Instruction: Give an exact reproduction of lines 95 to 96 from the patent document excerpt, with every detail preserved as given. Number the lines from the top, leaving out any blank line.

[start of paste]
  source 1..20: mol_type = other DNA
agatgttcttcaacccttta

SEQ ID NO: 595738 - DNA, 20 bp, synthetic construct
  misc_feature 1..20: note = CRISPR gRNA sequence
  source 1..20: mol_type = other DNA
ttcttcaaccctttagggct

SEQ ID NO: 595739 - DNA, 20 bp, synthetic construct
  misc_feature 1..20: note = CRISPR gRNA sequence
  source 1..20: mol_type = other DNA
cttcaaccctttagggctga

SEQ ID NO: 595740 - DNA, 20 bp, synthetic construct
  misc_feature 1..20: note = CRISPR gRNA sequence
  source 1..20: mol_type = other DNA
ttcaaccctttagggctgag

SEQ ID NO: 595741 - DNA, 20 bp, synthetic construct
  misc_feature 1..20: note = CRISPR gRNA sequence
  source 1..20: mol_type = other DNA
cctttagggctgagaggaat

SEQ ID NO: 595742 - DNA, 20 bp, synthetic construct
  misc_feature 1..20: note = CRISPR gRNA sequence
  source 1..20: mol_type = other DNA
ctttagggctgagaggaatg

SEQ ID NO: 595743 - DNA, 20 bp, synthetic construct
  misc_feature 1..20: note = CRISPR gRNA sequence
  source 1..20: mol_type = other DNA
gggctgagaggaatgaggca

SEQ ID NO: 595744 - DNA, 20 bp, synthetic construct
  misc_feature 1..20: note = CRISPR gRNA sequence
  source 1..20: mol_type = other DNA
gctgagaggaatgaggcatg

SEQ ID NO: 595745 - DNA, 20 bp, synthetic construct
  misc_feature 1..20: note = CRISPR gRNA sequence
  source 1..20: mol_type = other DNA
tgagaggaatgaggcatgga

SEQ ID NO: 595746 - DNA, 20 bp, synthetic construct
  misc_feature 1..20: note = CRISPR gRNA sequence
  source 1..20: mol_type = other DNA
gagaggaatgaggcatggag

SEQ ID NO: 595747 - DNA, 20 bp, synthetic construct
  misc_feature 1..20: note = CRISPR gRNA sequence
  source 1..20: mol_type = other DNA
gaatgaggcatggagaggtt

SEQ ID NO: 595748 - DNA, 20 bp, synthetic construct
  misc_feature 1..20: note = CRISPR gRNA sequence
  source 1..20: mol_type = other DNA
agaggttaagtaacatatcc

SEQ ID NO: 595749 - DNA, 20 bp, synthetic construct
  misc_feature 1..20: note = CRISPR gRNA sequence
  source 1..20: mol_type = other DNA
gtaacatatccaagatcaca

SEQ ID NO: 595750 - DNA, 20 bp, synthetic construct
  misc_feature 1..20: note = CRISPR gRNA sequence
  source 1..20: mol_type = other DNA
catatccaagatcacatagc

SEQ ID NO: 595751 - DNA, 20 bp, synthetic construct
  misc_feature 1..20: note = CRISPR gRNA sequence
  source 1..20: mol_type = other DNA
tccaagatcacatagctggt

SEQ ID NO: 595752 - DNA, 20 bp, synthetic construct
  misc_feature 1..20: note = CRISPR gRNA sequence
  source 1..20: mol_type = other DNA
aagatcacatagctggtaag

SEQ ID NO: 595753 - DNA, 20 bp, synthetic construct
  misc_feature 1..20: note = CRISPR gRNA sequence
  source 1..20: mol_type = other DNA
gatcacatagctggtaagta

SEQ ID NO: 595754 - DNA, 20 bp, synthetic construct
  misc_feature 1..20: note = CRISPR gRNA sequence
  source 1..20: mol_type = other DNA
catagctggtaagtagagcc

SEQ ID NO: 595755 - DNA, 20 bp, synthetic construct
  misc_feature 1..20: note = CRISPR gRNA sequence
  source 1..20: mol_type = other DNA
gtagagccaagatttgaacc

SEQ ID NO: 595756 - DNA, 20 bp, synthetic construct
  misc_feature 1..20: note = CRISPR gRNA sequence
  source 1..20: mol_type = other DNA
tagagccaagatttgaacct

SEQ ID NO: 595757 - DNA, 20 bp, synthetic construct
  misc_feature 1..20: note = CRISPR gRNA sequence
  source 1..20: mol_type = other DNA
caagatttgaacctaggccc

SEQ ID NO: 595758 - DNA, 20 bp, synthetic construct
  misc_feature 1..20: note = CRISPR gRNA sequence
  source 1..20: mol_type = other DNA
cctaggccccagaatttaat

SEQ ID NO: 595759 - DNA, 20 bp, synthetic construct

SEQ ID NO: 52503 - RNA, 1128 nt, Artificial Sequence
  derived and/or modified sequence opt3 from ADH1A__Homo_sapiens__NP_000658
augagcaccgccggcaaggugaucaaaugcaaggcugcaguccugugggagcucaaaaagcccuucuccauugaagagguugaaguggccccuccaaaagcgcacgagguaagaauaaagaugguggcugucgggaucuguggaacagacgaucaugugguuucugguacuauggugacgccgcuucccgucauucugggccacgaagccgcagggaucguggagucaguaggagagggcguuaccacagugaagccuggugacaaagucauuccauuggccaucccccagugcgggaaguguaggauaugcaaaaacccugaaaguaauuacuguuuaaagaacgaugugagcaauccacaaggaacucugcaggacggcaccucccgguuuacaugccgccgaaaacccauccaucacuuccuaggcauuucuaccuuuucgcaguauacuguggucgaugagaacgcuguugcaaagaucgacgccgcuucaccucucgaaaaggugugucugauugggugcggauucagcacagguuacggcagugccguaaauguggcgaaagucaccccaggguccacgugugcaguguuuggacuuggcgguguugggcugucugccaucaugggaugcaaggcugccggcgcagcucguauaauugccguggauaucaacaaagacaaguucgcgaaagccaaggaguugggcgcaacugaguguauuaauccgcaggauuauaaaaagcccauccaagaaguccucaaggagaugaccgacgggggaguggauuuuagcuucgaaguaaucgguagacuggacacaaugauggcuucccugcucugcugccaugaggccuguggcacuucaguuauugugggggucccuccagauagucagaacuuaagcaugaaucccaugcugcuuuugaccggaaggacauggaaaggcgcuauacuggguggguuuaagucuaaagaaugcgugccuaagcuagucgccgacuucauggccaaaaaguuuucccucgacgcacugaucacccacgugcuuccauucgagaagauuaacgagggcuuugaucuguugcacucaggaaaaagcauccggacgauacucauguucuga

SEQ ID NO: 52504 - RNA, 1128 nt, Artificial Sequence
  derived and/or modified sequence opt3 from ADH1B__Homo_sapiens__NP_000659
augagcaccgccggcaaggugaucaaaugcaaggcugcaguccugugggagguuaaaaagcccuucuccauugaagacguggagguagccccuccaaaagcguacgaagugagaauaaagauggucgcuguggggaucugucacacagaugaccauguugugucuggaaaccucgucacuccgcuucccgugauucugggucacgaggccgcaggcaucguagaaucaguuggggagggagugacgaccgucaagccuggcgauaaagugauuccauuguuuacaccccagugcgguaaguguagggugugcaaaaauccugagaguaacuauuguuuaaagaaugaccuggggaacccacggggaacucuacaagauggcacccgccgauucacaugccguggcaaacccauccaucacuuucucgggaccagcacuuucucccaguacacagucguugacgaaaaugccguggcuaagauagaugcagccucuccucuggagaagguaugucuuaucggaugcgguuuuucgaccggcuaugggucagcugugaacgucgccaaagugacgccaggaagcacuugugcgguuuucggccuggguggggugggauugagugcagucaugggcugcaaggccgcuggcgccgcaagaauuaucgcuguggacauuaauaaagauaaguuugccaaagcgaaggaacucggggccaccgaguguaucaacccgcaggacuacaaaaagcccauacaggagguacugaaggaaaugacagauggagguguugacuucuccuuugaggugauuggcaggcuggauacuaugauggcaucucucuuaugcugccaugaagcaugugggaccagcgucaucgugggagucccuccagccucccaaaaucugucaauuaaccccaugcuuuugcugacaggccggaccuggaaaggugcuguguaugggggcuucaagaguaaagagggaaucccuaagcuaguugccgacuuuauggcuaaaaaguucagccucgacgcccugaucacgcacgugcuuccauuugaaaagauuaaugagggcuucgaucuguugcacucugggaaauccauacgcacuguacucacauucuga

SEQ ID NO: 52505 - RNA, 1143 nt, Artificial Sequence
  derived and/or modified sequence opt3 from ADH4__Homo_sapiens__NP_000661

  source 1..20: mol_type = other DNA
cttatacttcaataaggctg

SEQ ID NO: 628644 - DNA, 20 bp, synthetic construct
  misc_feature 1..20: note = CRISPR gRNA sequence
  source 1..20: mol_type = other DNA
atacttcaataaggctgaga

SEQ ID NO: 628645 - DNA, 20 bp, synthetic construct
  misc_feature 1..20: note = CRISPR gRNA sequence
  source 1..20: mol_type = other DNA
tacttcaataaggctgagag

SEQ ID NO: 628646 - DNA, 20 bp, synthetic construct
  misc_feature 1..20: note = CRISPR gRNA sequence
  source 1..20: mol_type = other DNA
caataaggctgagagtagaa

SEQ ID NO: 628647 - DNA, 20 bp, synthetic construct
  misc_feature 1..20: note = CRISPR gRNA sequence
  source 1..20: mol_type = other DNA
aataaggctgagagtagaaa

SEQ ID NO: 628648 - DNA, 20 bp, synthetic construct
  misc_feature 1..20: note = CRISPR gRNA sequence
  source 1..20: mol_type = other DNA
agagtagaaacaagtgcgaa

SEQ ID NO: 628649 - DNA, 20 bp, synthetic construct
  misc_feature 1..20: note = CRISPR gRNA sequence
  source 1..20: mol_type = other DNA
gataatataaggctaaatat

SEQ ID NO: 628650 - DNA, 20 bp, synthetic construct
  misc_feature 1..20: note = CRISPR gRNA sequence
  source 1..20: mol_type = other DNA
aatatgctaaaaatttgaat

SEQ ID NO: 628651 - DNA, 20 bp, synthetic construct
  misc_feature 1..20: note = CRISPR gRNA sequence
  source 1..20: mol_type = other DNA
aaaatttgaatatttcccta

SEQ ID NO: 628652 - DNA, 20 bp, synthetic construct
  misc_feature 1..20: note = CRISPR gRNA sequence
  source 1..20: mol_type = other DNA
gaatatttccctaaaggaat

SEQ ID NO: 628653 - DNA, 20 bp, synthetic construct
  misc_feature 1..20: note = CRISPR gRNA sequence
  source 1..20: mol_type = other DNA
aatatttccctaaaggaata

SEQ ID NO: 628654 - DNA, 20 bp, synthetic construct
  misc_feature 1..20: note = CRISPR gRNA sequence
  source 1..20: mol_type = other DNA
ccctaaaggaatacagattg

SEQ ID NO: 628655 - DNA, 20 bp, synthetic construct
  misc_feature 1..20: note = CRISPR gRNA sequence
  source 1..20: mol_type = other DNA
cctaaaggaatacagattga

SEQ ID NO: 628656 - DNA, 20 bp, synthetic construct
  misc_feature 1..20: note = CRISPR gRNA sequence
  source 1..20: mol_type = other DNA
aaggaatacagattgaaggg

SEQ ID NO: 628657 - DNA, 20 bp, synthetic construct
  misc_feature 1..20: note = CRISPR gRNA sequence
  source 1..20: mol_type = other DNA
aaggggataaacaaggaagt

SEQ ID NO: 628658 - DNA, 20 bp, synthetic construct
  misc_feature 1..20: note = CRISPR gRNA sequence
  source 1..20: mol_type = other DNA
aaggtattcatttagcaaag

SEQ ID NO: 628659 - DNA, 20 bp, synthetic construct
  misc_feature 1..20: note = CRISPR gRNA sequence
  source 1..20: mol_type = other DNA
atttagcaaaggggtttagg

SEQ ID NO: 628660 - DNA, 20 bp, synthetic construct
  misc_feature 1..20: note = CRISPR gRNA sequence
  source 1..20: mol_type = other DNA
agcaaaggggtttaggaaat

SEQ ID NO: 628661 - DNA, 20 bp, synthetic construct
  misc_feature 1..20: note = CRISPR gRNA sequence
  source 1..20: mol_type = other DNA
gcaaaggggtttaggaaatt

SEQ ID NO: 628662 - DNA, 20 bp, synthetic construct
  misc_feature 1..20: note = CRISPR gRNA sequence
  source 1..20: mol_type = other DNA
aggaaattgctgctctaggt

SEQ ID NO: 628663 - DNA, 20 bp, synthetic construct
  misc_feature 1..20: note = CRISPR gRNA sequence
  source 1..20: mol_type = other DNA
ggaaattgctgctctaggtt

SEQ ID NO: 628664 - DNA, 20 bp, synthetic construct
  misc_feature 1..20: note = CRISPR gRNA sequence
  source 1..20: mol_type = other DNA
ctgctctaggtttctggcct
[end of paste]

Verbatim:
  derived and/or modified sequence opt3 from ADH4__Homo_sapiens__NP_000661

  source 1..20: mol_type = other DNA